|GO or STOP????|
This question is probably the main reason why I have had such an up and down start to my New York journey. I came to the Big Apple on March 16th to pursue my entrepreneurial dreams. I didn't expect to have instant success when I got here but I will admit that I thought that I would be farther along then I am. This is not to say that I am discouraged, far from it. In fact, these last couple weeks have been two of my very best. I know that this is where I am supposed to be and the work that I have done these past 6 months will start to pay big dividends.
However, I have to realize that if I am going to truly achieve what I came here to achieve then I have to completely kill the annoying guy in my head that has always said wait, stop, avoid.
get me some schizo pills
I am a perfect example. I have always easily agreed with that jerk in my head that constantly said STOP and avoid.
Avoid what? It didn't matter. Avoid going to class. Avoid writing that paper. Avoid working out. Avoid eating healthy. Avoid the potential relationship. Avoid and worry about it tomorrow.
I have done a lot in the last couple years to kill that freaking guy in my head. In fact, he is weaker today than he has ever been.
He hated the idea of me getting off the couch and getting in shape. I still fight him everyday on this one (he is about ready to give up for good on this issue).
He hated the idea of leaving a very comfortable monthly paycheck and taking on the challenge of becoming a successful entrepreneur. He is not a fan of the move to New York City as he can't stand the ups and downs of living in the Big Apple.
He really hates my list, my goals, my passions. He will do anything he can to kill these dreams.
Proof that this freaking guy exists!
The last couple years I have been dealing with a very annoying foot injury. It wasn't a serious injury but it kept me from running long distance. Every time I tried, I re-injured it. Finally, about three months ago, this injury starting to go away and I was able to run again.
After hitting the pavement a few times a week for about a month I was back into decent running shape for the first time in a long time. However, I still hated running. Some days I was able to run for long stretches, other days I would get so tired that I gave up within 15 minutes.
Suddenly, I figured it out. The answer was 22 minutes.
Every time I got over the 22 minute barrier than my mind would stop worrying about how tired I was and how much my feet hurt. After 22 minutes I was fine to continue running without negative thinking. For the remainder of my run I would think about my businesses, my goals, the book I just read, etc. I honestly started to have some of my best brainstorming sessions. I finished my run and felt absolutely great and always seemed to get a lot done the rest of the day.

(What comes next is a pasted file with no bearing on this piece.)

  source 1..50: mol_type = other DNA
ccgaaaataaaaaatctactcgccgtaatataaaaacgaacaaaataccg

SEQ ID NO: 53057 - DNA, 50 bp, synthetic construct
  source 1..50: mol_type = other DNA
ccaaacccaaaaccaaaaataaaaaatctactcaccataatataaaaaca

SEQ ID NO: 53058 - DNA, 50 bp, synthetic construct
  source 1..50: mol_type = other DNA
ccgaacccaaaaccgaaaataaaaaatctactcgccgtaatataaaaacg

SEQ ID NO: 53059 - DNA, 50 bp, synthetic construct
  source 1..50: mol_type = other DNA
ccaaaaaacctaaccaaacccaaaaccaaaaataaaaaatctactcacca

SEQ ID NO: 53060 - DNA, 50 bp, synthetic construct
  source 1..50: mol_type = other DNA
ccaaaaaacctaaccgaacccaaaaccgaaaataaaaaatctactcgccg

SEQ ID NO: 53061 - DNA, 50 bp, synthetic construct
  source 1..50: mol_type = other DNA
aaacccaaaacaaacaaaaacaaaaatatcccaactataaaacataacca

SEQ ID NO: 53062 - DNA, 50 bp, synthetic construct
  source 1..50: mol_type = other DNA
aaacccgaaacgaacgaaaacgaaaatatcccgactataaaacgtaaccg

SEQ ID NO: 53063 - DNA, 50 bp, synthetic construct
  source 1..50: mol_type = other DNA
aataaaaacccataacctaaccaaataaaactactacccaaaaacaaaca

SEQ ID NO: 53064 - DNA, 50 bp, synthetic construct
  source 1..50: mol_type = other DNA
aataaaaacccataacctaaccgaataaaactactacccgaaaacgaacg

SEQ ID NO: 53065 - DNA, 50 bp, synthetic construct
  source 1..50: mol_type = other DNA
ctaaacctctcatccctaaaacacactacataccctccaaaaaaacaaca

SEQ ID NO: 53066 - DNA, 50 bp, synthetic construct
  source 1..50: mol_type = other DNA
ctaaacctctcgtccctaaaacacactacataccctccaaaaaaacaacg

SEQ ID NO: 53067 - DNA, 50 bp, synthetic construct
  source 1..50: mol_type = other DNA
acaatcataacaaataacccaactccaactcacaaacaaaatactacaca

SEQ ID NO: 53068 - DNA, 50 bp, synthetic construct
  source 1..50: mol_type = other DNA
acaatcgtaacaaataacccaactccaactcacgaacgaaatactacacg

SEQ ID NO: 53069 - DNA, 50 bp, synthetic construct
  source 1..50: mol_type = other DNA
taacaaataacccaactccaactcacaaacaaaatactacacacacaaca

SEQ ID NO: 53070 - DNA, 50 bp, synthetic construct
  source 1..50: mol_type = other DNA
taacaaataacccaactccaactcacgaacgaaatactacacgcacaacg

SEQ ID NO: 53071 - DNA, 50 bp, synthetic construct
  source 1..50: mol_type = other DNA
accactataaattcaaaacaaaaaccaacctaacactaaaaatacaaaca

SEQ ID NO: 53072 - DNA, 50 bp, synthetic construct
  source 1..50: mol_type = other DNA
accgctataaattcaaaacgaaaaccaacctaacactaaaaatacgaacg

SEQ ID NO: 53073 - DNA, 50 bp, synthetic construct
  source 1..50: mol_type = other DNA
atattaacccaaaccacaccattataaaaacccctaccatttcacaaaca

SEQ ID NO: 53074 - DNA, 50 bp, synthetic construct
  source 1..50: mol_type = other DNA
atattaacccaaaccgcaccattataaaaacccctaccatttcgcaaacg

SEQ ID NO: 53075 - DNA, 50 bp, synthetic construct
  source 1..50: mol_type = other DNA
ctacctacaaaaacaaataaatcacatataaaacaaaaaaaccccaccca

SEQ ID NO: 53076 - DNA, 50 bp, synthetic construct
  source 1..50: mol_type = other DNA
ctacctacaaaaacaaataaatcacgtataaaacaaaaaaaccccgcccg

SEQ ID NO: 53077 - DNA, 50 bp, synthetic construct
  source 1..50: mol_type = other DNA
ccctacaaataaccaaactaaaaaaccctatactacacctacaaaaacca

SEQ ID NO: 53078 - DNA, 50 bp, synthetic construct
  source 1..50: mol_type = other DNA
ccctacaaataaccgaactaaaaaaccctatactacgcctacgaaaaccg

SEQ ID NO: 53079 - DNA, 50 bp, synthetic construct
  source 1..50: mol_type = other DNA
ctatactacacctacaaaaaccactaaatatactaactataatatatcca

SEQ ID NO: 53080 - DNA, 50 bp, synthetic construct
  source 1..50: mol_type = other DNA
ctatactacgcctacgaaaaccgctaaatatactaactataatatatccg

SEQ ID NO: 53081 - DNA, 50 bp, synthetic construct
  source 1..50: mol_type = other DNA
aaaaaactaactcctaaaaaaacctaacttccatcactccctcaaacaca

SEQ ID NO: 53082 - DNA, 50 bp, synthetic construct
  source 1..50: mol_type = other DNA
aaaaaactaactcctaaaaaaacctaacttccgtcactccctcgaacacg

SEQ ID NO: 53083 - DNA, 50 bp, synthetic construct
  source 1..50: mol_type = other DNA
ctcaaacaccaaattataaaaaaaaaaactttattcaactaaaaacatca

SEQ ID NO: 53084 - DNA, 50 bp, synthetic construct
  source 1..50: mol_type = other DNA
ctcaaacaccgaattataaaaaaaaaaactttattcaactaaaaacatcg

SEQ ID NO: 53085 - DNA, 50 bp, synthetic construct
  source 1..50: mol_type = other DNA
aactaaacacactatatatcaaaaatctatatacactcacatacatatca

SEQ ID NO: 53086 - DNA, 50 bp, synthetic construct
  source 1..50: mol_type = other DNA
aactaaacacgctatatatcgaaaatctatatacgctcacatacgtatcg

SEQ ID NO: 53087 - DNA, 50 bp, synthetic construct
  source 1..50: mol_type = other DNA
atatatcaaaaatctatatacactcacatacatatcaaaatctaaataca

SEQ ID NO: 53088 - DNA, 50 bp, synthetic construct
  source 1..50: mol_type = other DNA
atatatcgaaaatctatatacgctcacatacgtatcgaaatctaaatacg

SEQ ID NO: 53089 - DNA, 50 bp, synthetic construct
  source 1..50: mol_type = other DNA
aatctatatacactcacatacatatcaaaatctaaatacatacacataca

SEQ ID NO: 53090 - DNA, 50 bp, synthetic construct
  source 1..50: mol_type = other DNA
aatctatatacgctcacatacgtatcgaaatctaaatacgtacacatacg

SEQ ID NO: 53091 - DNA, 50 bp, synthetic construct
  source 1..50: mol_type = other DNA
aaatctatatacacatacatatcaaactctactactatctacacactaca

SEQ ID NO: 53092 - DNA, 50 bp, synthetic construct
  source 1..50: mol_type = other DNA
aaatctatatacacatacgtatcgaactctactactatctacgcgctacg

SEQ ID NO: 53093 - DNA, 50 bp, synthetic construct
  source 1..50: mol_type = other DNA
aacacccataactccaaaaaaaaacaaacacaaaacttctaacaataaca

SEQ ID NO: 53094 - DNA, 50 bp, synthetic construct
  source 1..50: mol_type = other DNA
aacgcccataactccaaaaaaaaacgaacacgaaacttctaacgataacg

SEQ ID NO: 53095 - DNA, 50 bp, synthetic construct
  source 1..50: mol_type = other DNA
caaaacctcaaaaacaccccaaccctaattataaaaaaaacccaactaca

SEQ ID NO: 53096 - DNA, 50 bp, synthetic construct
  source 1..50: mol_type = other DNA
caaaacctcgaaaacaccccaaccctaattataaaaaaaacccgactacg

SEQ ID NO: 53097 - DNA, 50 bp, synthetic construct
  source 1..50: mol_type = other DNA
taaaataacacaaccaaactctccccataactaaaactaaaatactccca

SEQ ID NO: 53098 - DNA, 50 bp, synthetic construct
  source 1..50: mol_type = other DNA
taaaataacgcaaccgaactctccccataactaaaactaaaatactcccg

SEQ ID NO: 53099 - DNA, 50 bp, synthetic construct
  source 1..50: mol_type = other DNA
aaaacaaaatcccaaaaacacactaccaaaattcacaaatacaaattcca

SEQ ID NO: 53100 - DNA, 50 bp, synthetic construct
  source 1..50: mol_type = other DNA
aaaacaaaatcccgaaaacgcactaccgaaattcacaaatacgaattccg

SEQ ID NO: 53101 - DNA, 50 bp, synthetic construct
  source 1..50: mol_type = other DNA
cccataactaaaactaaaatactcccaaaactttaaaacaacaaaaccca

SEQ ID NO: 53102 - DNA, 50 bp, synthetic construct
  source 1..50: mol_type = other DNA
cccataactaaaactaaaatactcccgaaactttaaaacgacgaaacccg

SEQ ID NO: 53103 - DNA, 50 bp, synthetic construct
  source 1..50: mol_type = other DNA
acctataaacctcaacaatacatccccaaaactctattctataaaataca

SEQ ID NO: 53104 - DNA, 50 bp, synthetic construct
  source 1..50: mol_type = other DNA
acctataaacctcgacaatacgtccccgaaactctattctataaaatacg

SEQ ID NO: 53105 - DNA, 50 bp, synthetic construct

I don't know why this occurred at 22 minutes but for some reason when I got to to that point I knew I was fine. Some call it a second wind. I think it was that freaking guy giving up, he stopped making me look at that watch constantly.
I also noticed that on the days that I didn't make it to 22 minutes, my work suffered. I gave up easily on my tasks and just told myself that I would get that project done tomorrow. That freaking guy is powerful sometimes.
I got over the 22 minute barrier. The barrier turned to 15 minutes and then to 10. Eventually, that guy was no longer running with me at all. I really started to love running because of how I felt when I finished. It was no longer something I had to do to get into shape.
Then last week, out of nowhere, he came back when I switched up my routine. Instead of running through the neighborhoods around my apartment, I tried running long distance on a nearby track. That freaking guy started counting the laps. I was 10 laps in and dead tired. I gave up.
Why was I so tired after running just 10 laps (less than 20 minutes)? Was I trying to push myself to hard? Nope, I wasn't running at a faster pace than usual.
Was I still tired from running for 50 minutes just a couple days before? Nope, I had been running for at least 45 minutes every other day for two straight weeks, so that couldn't of been the reason.
So what was it?
I started thinking about how bad it was going to be to run another lap. That freaking guy convinced me that each lap on that track was hell and that I would be better off if I just stopped. Besides, I could always run again tomorrow when I felt better.
Building on my first 6 months in NYC
All my potential success is contingent on killing this negative thinking for good. You might think that all that self help stuff is bullshit, and yeah, a lot of it is. But the power of what you think is not bullshit. I don't know much but I do know this:
- If you really focus on where you want to be, you will take the necessary actions to get there.
- If you really focus on what is wrong with your life, you will take the necessary actions to stay where you are at (or make your situation worse).
So 6 months into my New York journey: Has it been a success? Overall, no, not yet.
Last night I ran lap after lap on that track for 60 minutes. I have no idea how many laps I ran. That freaking guy isn't that strong.